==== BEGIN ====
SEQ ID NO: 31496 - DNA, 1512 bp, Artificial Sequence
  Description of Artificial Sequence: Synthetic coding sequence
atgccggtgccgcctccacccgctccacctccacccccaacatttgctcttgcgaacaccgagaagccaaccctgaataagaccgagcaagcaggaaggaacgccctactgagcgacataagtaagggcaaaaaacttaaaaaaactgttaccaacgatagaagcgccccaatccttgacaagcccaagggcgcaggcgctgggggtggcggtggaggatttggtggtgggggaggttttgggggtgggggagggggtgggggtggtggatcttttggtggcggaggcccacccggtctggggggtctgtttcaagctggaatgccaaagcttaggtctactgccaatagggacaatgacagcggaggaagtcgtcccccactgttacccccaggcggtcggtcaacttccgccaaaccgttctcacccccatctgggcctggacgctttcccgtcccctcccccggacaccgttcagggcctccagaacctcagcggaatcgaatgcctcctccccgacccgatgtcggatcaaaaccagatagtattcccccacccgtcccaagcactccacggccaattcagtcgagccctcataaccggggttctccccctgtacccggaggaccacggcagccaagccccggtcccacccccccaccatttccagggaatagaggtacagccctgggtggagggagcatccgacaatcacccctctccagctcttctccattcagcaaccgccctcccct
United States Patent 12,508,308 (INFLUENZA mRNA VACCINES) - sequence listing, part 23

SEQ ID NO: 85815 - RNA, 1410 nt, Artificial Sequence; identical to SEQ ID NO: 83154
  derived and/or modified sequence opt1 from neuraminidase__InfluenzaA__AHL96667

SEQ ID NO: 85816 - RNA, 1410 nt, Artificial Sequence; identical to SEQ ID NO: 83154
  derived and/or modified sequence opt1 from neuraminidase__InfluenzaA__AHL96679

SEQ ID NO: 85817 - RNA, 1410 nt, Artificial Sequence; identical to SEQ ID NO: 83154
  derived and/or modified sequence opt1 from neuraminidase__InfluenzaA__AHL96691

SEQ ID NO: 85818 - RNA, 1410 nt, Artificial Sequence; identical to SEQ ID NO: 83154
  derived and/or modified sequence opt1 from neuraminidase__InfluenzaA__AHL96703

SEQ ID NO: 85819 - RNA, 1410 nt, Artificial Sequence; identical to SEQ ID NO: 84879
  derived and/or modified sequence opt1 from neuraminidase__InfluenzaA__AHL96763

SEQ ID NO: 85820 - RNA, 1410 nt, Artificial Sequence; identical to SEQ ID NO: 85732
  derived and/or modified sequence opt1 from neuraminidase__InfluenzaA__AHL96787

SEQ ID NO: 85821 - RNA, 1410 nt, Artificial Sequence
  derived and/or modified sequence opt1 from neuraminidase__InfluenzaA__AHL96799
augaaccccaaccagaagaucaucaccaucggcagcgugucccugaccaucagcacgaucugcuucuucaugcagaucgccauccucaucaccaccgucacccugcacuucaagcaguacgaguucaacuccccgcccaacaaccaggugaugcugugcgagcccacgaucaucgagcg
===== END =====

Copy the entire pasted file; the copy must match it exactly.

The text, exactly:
SEQ ID NO: 31496 - DNA, 1512 bp, Artificial Sequence
  Description of Artificial Sequence: Synthetic coding sequence
atgccggtgccgcctccacccgctccacctccacccccaacatttgctcttgcgaacaccgagaagccaaccctgaataagaccgagcaagcaggaaggaacgccctactgagcgacataagtaagggcaaaaaacttaaaaaaactgttaccaacgatagaagcgccccaatccttgacaagcccaagggcgcaggcgctgggggtggcggtggaggatttggtggtgggggaggttttgggggtgggggagggggtgggggtggtggatcttttggtggcggaggcccacccggtctggggggtctgtttcaagctggaatgccaaagcttaggtctactgccaatagggacaatgacagcggaggaagtcgtcccccactgttacccccaggcggtcggtcaacttccgccaaaccgttctcacccccatctgggcctggacgctttcccgtcccctcccccggacaccgttcagggcctccagaacctcagcggaatcgaatgcctcctccccgacccgatgtcggatcaaaaccagatagtattcccccacccgtcccaagcactccacggccaattcagtcgagccctcataaccggggttctccccctgtacccggaggaccacggcagccaagccccggtcccacccccccaccatttccagggaatagaggtacagccctgggtggagggagcatccgacaatcacccctctccagctcttctccattcagcaaccgccctcccct
United States Patent 12,508,308 (INFLUENZA mRNA VACCINES) - sequence listing, part 23

SEQ ID NO: 85815 - RNA, 1410 nt, Artificial Sequence; identical to SEQ ID NO: 83154
  derived and/or modified sequence opt1 from neuraminidase__InfluenzaA__AHL96667

SEQ ID NO: 85816 - RNA, 1410 nt, Artificial Sequence; identical to SEQ ID NO: 83154
  derived and/or modified sequence opt1 from neuraminidase__InfluenzaA__AHL96679

SEQ ID NO: 85817 - RNA, 1410 nt, Artificial Sequence; identical to SEQ ID NO: 83154
  derived and/or modified sequence opt1 from neuraminidase__InfluenzaA__AHL96691

SEQ ID NO: 85818 - RNA, 1410 nt, Artificial Sequence; identical to SEQ ID NO: 83154
  derived and/or modified sequence opt1 from neuraminidase__InfluenzaA__AHL96703

SEQ ID NO: 85819 - RNA, 1410 nt, Artificial Sequence; identical to SEQ ID NO: 84879
  derived and/or modified sequence opt1 from neuraminidase__InfluenzaA__AHL96763

SEQ ID NO: 85820 - RNA, 1410 nt, Artificial Sequence; identical to SEQ ID NO: 85732
  derived and/or modified sequence opt1 from neuraminidase__InfluenzaA__AHL96787

SEQ ID NO: 85821 - RNA, 1410 nt, Artificial Sequence
  derived and/or modified sequence opt1 from neuraminidase__InfluenzaA__AHL96799
augaaccccaaccagaagaucaucaccaucggcagcgugucccugaccaucagcacgaucugcuucuucaugcagaucgccauccucaucaccaccgucacccugcacuucaagcaguacgaguucaacuccccgcccaacaaccaggugaugcugugcgagcccacgaucaucgagcg